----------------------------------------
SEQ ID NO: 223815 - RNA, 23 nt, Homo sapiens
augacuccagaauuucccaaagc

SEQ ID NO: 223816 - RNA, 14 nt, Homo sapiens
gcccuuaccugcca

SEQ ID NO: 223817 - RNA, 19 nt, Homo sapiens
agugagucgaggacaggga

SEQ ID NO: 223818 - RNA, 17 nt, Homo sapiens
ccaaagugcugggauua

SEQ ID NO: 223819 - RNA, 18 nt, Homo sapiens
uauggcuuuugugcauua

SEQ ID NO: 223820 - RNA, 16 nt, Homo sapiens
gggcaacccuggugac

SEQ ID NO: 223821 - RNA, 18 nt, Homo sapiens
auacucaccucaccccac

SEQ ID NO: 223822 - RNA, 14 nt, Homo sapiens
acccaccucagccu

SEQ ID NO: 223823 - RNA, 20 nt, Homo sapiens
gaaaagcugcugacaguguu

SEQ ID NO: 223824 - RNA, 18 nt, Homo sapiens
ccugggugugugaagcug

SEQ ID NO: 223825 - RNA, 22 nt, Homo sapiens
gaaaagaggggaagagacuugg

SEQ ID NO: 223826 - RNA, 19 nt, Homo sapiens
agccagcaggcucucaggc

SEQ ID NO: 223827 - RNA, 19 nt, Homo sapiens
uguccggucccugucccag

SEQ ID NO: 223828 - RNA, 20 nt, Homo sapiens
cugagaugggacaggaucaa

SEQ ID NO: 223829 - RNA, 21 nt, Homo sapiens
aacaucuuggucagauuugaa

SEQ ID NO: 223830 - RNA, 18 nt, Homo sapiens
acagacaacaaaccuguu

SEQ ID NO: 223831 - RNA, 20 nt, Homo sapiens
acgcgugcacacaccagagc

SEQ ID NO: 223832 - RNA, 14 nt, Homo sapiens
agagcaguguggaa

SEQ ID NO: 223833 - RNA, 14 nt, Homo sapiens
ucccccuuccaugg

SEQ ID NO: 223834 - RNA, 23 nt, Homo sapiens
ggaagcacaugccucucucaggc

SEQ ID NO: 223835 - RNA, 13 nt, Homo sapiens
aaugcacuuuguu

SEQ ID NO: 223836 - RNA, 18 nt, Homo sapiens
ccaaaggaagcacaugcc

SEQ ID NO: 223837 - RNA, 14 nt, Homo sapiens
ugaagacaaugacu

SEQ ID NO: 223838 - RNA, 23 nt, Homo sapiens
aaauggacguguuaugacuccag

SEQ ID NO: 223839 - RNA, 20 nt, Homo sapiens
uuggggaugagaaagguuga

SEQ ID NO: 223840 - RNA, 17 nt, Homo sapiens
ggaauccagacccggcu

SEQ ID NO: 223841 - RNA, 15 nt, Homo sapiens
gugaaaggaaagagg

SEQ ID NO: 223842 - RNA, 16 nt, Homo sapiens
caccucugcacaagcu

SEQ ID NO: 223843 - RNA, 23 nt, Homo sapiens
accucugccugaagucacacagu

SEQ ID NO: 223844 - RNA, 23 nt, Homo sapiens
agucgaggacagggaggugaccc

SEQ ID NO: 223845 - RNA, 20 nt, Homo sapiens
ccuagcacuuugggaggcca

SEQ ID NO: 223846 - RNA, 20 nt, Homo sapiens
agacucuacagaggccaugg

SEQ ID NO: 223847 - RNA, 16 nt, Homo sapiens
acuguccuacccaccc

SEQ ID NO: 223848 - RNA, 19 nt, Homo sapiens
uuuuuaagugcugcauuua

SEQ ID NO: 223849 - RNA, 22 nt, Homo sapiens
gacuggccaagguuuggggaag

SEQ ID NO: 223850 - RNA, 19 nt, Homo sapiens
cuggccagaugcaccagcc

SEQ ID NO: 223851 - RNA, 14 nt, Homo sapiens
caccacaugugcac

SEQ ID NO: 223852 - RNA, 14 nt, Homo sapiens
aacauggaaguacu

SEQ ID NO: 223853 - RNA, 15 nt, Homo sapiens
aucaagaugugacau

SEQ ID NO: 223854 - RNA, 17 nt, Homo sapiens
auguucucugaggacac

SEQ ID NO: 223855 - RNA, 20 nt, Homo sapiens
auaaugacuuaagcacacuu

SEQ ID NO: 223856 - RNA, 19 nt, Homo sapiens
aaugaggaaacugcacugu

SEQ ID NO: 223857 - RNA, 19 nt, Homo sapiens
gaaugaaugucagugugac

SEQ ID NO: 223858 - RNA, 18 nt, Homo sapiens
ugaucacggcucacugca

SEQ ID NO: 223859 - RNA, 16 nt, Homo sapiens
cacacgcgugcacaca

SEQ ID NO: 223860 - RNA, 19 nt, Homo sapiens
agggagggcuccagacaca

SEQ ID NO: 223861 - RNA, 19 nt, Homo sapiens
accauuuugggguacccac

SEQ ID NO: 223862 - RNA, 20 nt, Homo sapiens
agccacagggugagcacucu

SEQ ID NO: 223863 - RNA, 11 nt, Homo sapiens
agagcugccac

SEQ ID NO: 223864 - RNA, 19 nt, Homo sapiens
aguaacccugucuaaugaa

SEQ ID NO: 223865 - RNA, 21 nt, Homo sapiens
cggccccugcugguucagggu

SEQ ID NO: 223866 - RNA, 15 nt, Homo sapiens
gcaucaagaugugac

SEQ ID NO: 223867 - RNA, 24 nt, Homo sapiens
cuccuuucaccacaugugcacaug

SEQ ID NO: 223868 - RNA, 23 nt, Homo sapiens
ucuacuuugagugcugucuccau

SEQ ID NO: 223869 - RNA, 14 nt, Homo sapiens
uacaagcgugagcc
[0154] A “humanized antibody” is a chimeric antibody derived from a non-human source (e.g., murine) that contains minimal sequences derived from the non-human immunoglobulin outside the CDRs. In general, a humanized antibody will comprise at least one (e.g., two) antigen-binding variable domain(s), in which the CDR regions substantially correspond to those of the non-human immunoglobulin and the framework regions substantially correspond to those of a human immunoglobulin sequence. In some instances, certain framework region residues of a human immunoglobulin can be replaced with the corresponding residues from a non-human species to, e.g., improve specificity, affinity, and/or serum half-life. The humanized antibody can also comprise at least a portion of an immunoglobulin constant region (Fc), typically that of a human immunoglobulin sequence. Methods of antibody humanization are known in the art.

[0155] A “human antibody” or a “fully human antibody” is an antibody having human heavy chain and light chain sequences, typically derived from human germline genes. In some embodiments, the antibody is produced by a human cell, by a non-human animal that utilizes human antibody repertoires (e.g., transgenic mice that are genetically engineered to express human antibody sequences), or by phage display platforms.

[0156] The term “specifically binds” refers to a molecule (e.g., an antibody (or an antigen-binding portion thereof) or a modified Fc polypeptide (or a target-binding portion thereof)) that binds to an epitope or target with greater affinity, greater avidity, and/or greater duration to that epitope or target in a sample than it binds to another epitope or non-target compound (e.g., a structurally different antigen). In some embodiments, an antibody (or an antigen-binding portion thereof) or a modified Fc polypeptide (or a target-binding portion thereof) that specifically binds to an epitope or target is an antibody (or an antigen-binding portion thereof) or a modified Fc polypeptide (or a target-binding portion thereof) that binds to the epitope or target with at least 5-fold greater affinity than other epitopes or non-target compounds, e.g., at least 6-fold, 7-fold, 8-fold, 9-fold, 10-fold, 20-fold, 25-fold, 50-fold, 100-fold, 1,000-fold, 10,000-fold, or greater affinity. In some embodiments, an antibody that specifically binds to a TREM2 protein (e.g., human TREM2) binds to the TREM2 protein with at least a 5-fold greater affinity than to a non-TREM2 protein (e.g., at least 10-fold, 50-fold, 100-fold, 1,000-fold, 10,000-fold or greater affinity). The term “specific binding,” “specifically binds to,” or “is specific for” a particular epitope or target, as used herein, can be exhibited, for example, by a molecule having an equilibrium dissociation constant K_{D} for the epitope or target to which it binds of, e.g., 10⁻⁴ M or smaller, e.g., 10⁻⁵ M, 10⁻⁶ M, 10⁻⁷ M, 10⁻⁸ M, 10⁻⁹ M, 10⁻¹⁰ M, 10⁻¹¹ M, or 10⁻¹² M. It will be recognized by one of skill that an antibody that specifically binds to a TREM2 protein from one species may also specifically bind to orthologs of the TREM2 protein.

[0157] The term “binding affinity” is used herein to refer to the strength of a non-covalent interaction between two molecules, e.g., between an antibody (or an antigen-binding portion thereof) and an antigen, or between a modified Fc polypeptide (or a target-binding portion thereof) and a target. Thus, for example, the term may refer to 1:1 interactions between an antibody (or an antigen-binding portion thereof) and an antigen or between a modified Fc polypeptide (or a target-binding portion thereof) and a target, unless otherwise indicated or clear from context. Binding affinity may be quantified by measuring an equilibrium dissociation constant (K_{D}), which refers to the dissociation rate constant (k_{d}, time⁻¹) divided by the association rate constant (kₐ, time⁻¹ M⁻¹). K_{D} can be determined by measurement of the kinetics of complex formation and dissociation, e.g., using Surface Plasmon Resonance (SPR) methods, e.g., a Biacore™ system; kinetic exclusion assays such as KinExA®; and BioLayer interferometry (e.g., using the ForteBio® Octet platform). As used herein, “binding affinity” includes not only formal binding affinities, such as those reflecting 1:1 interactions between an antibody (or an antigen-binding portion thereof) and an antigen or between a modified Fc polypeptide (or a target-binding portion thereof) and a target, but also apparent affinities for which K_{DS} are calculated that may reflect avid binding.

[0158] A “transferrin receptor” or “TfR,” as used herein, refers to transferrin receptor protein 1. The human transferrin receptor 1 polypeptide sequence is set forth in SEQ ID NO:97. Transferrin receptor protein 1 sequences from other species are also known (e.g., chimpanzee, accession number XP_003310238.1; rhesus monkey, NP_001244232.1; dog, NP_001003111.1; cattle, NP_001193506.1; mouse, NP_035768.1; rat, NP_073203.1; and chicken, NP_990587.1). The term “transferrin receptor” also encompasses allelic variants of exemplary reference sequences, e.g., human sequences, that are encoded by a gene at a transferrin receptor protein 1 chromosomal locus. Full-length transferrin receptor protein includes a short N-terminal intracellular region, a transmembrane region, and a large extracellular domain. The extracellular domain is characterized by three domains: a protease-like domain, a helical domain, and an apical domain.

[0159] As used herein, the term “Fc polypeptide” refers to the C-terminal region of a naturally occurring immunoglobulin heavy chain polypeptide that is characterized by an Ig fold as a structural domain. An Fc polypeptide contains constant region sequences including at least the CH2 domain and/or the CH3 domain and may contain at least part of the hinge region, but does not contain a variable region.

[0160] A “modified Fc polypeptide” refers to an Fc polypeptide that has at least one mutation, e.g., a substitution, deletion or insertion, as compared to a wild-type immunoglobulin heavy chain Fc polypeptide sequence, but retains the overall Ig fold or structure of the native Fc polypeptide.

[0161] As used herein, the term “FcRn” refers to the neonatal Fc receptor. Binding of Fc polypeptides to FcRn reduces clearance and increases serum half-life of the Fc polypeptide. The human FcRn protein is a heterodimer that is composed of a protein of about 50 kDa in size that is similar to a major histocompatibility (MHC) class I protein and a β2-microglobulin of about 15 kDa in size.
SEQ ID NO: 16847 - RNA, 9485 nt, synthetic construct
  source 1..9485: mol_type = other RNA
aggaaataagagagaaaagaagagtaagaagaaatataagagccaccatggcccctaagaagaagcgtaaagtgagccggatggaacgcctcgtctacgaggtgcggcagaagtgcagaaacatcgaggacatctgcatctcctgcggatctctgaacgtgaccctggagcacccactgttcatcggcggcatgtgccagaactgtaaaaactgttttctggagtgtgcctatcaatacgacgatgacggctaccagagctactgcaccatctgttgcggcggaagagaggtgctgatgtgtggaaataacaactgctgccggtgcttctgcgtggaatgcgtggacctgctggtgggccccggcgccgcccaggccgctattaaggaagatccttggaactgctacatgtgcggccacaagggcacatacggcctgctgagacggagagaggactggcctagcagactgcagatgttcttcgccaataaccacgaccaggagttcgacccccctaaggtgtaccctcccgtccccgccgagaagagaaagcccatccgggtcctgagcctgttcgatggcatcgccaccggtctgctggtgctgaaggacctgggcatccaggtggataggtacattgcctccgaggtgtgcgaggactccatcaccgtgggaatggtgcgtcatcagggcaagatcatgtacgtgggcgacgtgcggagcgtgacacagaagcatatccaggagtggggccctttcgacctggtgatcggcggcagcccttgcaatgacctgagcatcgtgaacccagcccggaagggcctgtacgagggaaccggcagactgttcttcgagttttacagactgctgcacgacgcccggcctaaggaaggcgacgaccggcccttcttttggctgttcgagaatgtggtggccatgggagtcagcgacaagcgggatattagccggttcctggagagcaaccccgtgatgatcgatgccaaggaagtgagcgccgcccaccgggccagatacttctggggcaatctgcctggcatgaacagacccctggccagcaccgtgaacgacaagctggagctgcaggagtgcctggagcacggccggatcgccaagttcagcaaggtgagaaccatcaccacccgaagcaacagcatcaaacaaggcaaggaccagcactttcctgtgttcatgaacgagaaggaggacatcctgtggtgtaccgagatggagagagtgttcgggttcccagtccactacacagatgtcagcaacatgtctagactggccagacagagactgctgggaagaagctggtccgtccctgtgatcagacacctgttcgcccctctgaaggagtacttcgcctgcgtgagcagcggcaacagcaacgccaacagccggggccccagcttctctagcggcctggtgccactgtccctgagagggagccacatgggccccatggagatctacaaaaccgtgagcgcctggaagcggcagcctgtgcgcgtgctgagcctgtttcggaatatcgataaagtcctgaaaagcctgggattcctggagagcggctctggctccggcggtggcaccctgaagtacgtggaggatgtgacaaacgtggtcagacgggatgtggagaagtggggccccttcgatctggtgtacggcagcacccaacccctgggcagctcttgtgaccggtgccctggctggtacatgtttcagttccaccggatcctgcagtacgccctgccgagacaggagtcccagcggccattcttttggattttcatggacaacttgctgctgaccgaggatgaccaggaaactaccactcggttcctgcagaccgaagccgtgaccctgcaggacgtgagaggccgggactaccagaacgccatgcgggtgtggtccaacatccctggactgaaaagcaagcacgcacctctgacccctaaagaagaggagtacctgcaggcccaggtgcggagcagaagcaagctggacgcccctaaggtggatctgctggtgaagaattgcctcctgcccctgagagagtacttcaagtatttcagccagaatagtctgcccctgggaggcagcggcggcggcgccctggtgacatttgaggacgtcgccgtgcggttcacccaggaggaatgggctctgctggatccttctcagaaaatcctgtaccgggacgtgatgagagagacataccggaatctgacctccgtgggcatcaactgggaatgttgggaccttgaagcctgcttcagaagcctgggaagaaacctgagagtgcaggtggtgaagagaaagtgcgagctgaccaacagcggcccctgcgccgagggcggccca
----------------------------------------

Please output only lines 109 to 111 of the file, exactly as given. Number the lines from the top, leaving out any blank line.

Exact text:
SEQ ID NO: 223869 - RNA, 14 nt, Homo sapiens
uacaagcgugagcc
[0154] A “humanized antibody” is a chimeric antibody derived from a non-human source (e.g., murine) that contains minimal sequences derived from the non-human immunoglobulin outside the CDRs. In general, a humanized antibody will comprise at least one (e.g., two) antigen-binding variable domain(s), in which the CDR regions substantially correspond to those of the non-human immunoglobulin and the framework regions substantially correspond to those of a human immunoglobulin sequence. In some instances, certain framework region residues of a human immunoglobulin can be replaced with the corresponding residues from a non-human species to, e.g., improve specificity, affinity, and/or serum half-life. The humanized antibody can also comprise at least a portion of an immunoglobulin constant region (Fc), typically that of a human immunoglobulin sequence. Methods of antibody humanization are known in the art.